Take the 2-minute tour ×
Stack Overflow is a question and answer site for professional and enthusiast programmers. It's 100% free, no registration required.

I am writing a desktop application under Windows in C++ MFC.

The application creates a index file, and writes information to it again and again.

If the application crashes, the next time the application starts it will delete the crashed index file and create a new one. I think in certain cases, the index file will be locked. It will be a disaster if I can not delete the locked index file.

How can I guarantee that I can delete the file and create a new one? I can make sure no other application opens the index file. It cannot be deleted just because of an application crash.

Can any one help?

share|improve this question

5 Answers 5

If there's no process keeping the file open, there's no way it can remain locked. You might find that as long as your crashed process does actually die (rather than hanging) you have no problem.

If you really do need to be sure that you can delete the file from one process while another process has it open, you need both processes to open it with the FILE_SHARE_DELETE flag.

share|improve this answer
Its not entirely true that if there isn't a process open then its not locked. In a few odd cases Windows fails to lose the lock. Its a very rare issue though but I have seen it happen a number of times, even once under Win 7. Never have worked out how to re-create it, though. It only seems to happen on crashes though. –  Goz Sep 15 '09 at 18:20
When blue screen happens, this lock may happend –  user25749 Sep 16 '09 at 1:00
I would be very surprised if you find a bug where a lock survives a handle closing and process termination. If you do, it is a basic bug in the operating system. To make that assertion, you need to rule out a bug in your code. Could a handle have survived in another process? Did the process really die, or is a debugger keeping it alive? What does "crash" mean in this context? Given that you can't reproduce it, I am very sceptical of the assertion that it is an operating system bug. –  janm Sep 17 '09 at 2:17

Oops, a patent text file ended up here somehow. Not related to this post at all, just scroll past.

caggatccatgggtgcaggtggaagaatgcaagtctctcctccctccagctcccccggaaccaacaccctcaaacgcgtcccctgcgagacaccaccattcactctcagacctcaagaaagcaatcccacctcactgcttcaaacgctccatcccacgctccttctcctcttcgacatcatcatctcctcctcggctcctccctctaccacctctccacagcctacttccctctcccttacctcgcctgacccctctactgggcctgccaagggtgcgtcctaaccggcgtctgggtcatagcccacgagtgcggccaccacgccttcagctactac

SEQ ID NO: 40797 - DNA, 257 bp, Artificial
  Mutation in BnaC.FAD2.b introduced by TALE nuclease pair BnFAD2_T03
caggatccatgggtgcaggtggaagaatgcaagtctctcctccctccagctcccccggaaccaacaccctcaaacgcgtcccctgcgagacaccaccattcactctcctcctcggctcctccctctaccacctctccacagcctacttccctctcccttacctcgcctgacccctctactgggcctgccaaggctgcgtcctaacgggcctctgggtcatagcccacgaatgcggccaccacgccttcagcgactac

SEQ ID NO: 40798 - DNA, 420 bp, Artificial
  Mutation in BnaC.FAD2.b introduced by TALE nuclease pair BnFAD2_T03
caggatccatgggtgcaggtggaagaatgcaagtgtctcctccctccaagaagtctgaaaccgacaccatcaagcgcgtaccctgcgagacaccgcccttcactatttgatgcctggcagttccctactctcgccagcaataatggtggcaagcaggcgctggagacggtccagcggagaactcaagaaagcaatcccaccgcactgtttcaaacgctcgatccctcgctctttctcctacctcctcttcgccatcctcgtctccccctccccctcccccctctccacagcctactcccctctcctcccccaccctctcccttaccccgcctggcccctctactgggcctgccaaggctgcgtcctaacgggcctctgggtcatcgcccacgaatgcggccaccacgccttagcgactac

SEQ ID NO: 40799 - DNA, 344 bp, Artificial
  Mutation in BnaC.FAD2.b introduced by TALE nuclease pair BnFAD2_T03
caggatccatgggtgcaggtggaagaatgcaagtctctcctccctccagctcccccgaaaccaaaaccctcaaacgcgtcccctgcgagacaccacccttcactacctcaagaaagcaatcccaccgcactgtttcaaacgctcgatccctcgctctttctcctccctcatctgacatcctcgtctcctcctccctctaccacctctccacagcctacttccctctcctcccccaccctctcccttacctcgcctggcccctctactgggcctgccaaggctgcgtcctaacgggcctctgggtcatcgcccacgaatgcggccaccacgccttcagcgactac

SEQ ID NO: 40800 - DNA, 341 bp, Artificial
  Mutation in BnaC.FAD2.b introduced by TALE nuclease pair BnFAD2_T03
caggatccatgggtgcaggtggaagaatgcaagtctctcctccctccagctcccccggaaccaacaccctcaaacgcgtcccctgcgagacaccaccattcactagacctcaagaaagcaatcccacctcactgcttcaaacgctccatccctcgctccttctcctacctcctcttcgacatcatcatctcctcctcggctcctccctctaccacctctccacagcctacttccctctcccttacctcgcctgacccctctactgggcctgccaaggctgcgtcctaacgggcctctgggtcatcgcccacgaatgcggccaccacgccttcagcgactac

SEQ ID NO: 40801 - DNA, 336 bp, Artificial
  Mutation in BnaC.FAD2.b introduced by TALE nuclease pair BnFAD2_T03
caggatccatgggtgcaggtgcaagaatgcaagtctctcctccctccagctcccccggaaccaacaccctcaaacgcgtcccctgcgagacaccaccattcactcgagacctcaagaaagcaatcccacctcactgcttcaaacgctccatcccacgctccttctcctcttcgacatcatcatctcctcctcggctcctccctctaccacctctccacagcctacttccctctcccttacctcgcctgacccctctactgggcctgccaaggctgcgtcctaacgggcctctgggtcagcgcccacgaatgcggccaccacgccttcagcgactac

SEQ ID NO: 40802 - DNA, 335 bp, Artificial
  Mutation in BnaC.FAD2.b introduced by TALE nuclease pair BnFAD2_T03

To unlock file you should close all handles associated with it. The best way to do it is to terminate crashed application that still running (and owns file handle).

To find crashed application you could use technique that described in this article. That is what Process Explorer does when you search handles of files with specified name.

share|improve this answer
It is a bad idea to close handles in another process. The process that owns the handler doesn't know it has been closed, the value can get reused, and then all kinds of strange problems can occur. –  janm Sep 15 '09 at 13:14
If you are going to do this, you should just terminate the process with the handle open. At least that way things stop rather than fail in unexpected ways. –  janm Sep 15 '09 at 13:16
Yes. If "crashed" means "terminated", then there would be no need to close a handle in another process because the process is gone. If "crashed" means "not making forward process", then the correct thing to do is to terminate the process, and terminate its open handles with it. Closing a handle in another process without its knowledge is not the correct thing to do. –  janm Sep 15 '09 at 13:22
Thanks. I suggest removing the suggestion that closing the handles is acceptable. It is almost never The Right Thing To Do. –  janm Sep 15 '09 at 13:29
@janm, edited the answer. Thanks for remarks. –  Kirill V. Lyadvinsky Sep 15 '09 at 13:51

Most likely the answer is "you cannot delete a locked file". The OS won't let you.

Instead I would work around it with something like this.

  • Check for existing index files, delete them if no locks are present.
  • Create a new index file, if the first "name" is taken, check for index01 and so forth until you find one not in use, then use that as your indexfile for this execution of the program.
  • On normal exit, clear your index file.

Bonus credit: allow users to "recover" a crashed index file instead of deleting them automatically.

share|improve this answer

Sometimes it's possible to rename a locked file. You should probably fix the real problem rather than the symptom, though.

share|improve this answer

I can recommend using this tool: http://lockhunter.com/download.htm

It helped me to unlock my Skype account on Windows 8 by being able to delete '%appdata%/Skype/my-user-profile' while other tools and procedures did not help in my case (ref. to "another skype instance may exist", which bites a lot of other users also since long).

share|improve this answer

Your Answer


By posting your answer, you agree to the privacy policy and terms of service.

Not the answer you're looking for? Browse other questions tagged or ask your own question.